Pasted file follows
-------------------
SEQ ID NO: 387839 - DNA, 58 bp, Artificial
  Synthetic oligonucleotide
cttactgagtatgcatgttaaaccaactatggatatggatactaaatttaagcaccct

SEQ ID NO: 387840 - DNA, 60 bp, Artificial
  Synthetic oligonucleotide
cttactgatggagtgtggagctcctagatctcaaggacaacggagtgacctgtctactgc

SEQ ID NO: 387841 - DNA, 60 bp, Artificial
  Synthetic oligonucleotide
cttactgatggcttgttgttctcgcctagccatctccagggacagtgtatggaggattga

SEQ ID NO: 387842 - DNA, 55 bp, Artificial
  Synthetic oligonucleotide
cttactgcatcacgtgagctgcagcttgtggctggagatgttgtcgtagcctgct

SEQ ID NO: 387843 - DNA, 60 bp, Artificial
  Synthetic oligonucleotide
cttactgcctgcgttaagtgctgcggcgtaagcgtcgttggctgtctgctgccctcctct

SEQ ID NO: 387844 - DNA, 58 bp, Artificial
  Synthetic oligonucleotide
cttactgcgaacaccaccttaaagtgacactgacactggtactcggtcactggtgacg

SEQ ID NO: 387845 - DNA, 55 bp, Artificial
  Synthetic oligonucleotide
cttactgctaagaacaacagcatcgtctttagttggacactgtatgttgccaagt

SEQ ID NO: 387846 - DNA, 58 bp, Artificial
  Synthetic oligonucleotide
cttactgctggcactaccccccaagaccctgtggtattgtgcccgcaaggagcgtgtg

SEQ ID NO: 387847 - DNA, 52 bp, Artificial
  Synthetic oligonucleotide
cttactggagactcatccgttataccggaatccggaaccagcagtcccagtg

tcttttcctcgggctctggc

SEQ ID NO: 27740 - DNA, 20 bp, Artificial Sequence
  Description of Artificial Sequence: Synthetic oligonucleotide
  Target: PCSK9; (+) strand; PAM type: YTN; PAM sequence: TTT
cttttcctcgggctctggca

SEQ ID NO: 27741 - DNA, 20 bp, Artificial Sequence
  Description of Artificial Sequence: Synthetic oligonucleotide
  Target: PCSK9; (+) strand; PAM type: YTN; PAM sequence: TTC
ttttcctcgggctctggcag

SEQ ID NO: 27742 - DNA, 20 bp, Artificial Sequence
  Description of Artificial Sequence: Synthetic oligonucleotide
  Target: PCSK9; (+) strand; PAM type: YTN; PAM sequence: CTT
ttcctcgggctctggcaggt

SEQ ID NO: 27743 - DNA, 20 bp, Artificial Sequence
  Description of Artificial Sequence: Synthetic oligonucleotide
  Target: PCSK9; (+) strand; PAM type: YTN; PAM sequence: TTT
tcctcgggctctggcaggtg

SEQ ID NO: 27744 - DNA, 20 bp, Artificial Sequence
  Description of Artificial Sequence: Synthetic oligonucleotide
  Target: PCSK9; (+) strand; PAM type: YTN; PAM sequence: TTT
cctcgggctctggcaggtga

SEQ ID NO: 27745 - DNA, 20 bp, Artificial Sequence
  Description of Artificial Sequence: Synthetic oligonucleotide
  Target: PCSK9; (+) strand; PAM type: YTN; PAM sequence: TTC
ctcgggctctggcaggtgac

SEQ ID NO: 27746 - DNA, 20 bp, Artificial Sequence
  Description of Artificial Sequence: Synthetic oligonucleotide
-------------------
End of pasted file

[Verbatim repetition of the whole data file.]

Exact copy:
SEQ ID NO: 387839 - DNA, 58 bp, Artificial
  Synthetic oligonucleotide
cttactgagtatgcatgttaaaccaactatggatatggatactaaatttaagcaccct

SEQ ID NO: 387840 - DNA, 60 bp, Artificial
  Synthetic oligonucleotide
cttactgatggagtgtggagctcctagatctcaaggacaacggagtgacctgtctactgc

SEQ ID NO: 387841 - DNA, 60 bp, Artificial
  Synthetic oligonucleotide
cttactgatggcttgttgttctcgcctagccatctccagggacagtgtatggaggattga

SEQ ID NO: 387842 - DNA, 55 bp, Artificial
  Synthetic oligonucleotide
cttactgcatcacgtgagctgcagcttgtggctggagatgttgtcgtagcctgct

SEQ ID NO: 387843 - DNA, 60 bp, Artificial
  Synthetic oligonucleotide
cttactgcctgcgttaagtgctgcggcgtaagcgtcgttggctgtctgctgccctcctct

SEQ ID NO: 387844 - DNA, 58 bp, Artificial
  Synthetic oligonucleotide
cttactgcgaacaccaccttaaagtgacactgacactggtactcggtcactggtgacg

SEQ ID NO: 387845 - DNA, 55 bp, Artificial
  Synthetic oligonucleotide
cttactgctaagaacaacagcatcgtctttagttggacactgtatgttgccaagt

SEQ ID NO: 387846 - DNA, 58 bp, Artificial
  Synthetic oligonucleotide
cttactgctggcactaccccccaagaccctgtggtattgtgcccgcaaggagcgtgtg

SEQ ID NO: 387847 - DNA, 52 bp, Artificial
  Synthetic oligonucleotide
cttactggagactcatccgttataccggaatccggaaccagcagtcccagtg

tcttttcctcgggctctggc

SEQ ID NO: 27740 - DNA, 20 bp, Artificial Sequence
  Description of Artificial Sequence: Synthetic oligonucleotide
  Target: PCSK9; (+) strand; PAM type: YTN; PAM sequence: TTT
cttttcctcgggctctggca

SEQ ID NO: 27741 - DNA, 20 bp, Artificial Sequence
  Description of Artificial Sequence: Synthetic oligonucleotide
  Target: PCSK9; (+) strand; PAM type: YTN; PAM sequence: TTC
ttttcctcgggctctggcag

SEQ ID NO: 27742 - DNA, 20 bp, Artificial Sequence
  Description of Artificial Sequence: Synthetic oligonucleotide
  Target: PCSK9; (+) strand; PAM type: YTN; PAM sequence: CTT
ttcctcgggctctggcaggt

SEQ ID NO: 27743 - DNA, 20 bp, Artificial Sequence
  Description of Artificial Sequence: Synthetic oligonucleotide
  Target: PCSK9; (+) strand; PAM type: YTN; PAM sequence: TTT
tcctcgggctctggcaggtg

SEQ ID NO: 27744 - DNA, 20 bp, Artificial Sequence
  Description of Artificial Sequence: Synthetic oligonucleotide
  Target: PCSK9; (+) strand; PAM type: YTN; PAM sequence: TTT
cctcgggctctggcaggtga

SEQ ID NO: 27745 - DNA, 20 bp, Artificial Sequence
  Description of Artificial Sequence: Synthetic oligonucleotide
  Target: PCSK9; (+) strand; PAM type: YTN; PAM sequence: TTC
ctcgggctctggcaggtgac

SEQ ID NO: 27746 - DNA, 20 bp, Artificial Sequence
  Description of Artificial Sequence: Synthetic oligonucleotide